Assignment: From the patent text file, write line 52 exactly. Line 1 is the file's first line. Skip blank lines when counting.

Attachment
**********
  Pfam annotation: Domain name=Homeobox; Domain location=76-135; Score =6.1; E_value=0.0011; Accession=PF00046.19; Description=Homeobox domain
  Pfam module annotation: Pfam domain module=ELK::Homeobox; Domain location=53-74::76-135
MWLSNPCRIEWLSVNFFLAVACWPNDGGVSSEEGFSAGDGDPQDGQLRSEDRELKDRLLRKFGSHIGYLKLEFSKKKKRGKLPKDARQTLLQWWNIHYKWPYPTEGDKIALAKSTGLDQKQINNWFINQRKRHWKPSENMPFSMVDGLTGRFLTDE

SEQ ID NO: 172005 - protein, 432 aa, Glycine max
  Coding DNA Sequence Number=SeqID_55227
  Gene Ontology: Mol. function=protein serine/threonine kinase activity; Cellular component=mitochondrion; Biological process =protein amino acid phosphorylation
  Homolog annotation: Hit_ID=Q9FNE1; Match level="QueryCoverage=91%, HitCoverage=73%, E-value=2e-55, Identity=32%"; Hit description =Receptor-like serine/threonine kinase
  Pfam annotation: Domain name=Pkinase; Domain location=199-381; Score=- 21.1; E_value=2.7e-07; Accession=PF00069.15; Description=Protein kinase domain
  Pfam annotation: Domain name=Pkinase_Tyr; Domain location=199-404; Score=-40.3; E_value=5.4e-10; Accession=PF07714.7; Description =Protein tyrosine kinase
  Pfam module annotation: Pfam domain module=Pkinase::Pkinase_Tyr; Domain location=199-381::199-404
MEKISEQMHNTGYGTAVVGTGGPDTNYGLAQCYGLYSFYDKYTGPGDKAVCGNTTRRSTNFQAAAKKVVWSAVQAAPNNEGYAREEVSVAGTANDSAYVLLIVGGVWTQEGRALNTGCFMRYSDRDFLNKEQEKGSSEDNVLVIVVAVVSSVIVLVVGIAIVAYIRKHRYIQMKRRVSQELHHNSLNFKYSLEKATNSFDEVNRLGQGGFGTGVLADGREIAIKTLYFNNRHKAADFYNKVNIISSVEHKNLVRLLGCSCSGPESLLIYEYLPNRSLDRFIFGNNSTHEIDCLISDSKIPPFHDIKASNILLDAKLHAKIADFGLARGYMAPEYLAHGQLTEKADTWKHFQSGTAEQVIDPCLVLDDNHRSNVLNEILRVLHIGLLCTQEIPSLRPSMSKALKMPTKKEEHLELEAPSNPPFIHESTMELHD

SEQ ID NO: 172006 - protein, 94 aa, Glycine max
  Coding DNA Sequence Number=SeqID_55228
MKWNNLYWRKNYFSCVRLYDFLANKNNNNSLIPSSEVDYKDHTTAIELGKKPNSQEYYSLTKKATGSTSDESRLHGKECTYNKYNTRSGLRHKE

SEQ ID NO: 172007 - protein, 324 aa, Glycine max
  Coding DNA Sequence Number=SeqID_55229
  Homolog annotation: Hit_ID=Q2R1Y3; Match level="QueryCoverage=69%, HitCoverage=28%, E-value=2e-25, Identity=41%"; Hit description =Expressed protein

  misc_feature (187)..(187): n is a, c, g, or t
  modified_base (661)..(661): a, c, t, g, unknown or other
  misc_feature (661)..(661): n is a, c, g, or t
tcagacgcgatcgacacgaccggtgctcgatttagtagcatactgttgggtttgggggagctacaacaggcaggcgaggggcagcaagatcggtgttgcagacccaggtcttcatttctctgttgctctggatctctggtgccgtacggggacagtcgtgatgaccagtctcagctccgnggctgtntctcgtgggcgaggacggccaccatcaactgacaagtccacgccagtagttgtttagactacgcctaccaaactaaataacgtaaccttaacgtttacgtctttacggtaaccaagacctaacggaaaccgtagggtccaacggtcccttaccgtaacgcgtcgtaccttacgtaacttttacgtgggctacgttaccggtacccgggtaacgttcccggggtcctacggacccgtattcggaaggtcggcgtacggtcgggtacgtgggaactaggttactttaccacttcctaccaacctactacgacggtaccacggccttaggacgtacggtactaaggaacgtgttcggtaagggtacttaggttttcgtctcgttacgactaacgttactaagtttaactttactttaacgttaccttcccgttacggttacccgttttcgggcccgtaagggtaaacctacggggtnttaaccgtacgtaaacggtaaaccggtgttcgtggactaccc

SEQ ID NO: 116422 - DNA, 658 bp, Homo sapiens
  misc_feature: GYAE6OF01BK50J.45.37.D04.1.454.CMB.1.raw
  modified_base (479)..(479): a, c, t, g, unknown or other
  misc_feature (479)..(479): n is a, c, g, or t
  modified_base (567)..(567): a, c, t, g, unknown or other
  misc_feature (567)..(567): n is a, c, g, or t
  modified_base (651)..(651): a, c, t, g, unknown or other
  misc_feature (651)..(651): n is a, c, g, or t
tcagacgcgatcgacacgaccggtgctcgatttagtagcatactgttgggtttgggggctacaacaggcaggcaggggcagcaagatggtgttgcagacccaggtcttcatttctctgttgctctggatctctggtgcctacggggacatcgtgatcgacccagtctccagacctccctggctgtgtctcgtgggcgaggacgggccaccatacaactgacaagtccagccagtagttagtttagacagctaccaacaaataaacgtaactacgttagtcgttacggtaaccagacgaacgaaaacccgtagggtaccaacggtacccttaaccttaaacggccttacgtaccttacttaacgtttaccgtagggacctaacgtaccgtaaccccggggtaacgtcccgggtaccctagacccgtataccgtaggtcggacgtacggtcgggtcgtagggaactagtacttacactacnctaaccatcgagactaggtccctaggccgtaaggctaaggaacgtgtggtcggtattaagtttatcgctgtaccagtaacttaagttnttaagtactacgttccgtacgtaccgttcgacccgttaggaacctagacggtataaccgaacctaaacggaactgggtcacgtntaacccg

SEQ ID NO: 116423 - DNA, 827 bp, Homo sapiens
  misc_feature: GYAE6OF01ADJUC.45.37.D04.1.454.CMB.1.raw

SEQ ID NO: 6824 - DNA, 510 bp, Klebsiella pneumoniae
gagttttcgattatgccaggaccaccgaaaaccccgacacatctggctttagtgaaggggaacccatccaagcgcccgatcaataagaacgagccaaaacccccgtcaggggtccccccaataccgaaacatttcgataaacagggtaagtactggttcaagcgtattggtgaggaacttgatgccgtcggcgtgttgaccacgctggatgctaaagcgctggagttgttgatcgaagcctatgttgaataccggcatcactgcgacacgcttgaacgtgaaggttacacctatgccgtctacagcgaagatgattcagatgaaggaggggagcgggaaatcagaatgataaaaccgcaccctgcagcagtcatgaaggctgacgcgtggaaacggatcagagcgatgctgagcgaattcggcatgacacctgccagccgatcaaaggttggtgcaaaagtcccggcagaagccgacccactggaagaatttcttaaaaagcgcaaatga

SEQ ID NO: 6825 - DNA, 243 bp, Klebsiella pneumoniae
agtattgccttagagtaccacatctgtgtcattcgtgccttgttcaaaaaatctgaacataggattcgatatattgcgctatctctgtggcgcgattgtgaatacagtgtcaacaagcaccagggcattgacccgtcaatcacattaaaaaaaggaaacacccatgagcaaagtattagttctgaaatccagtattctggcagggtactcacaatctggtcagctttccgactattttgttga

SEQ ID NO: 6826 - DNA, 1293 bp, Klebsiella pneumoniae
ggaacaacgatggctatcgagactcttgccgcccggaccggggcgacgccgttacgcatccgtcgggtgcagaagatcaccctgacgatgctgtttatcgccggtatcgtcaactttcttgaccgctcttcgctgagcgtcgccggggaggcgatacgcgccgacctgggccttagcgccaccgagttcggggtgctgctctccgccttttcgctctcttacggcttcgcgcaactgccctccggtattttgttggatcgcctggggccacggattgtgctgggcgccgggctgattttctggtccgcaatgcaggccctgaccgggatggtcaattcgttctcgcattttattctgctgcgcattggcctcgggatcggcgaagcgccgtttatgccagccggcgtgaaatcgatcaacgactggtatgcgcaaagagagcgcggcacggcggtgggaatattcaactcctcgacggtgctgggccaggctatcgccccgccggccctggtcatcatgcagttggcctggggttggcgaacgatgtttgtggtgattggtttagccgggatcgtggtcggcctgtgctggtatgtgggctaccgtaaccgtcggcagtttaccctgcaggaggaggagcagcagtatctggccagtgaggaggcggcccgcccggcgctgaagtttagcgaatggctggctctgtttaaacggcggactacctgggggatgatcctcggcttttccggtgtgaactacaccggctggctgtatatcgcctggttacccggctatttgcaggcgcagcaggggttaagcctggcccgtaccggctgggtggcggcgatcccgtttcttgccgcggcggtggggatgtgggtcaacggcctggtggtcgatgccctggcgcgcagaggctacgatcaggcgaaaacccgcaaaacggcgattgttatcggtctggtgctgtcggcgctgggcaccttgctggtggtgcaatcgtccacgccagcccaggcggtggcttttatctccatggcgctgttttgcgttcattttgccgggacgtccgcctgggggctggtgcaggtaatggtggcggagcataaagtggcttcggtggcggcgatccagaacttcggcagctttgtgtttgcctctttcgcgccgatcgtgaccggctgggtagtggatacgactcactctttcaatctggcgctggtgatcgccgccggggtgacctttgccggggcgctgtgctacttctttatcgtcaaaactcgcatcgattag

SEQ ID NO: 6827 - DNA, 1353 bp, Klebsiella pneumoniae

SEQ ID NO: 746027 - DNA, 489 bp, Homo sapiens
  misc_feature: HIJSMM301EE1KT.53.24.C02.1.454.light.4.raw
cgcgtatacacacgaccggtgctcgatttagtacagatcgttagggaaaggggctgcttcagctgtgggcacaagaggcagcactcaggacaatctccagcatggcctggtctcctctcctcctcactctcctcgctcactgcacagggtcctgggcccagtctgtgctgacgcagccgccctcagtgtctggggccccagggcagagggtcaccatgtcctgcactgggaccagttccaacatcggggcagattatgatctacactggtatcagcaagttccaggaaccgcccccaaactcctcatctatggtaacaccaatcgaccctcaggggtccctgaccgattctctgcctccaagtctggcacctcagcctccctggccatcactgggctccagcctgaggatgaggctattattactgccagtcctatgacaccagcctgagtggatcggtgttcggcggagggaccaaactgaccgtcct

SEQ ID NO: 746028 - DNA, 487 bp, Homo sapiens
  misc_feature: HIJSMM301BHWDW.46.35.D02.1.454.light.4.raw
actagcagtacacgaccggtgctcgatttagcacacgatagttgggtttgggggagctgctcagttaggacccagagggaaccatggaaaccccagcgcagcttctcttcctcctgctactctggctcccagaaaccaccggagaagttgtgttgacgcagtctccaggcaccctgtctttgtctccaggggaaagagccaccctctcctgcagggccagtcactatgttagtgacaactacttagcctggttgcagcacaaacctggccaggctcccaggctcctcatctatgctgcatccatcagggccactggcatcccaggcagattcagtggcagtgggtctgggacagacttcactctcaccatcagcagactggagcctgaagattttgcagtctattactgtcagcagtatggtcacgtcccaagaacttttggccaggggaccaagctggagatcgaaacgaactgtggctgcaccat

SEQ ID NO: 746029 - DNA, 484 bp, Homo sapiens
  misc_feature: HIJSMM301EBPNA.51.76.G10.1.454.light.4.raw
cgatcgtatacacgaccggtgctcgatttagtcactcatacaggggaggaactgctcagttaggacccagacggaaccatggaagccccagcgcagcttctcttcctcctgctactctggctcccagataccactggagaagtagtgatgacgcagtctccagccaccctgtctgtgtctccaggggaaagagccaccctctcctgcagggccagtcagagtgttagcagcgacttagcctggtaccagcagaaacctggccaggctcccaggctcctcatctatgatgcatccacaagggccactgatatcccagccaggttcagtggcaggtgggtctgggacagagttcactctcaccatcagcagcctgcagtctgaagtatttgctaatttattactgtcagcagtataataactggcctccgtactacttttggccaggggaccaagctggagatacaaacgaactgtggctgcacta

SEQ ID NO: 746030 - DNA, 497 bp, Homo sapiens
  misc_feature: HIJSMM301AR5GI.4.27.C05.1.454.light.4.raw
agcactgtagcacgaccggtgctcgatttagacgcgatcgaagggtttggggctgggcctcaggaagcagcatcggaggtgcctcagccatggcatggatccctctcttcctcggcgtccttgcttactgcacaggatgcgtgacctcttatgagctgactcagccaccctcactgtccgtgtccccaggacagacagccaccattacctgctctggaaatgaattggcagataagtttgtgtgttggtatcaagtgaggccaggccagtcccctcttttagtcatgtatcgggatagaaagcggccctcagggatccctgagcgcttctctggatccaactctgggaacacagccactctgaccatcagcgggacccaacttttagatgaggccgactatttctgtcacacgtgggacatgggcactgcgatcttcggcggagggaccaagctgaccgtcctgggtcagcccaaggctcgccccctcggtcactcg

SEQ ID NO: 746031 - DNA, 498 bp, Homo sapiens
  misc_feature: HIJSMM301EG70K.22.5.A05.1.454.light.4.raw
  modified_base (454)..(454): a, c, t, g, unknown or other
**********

SEQ ID NO: 746031 - DNA, 498 bp, Homo sapiens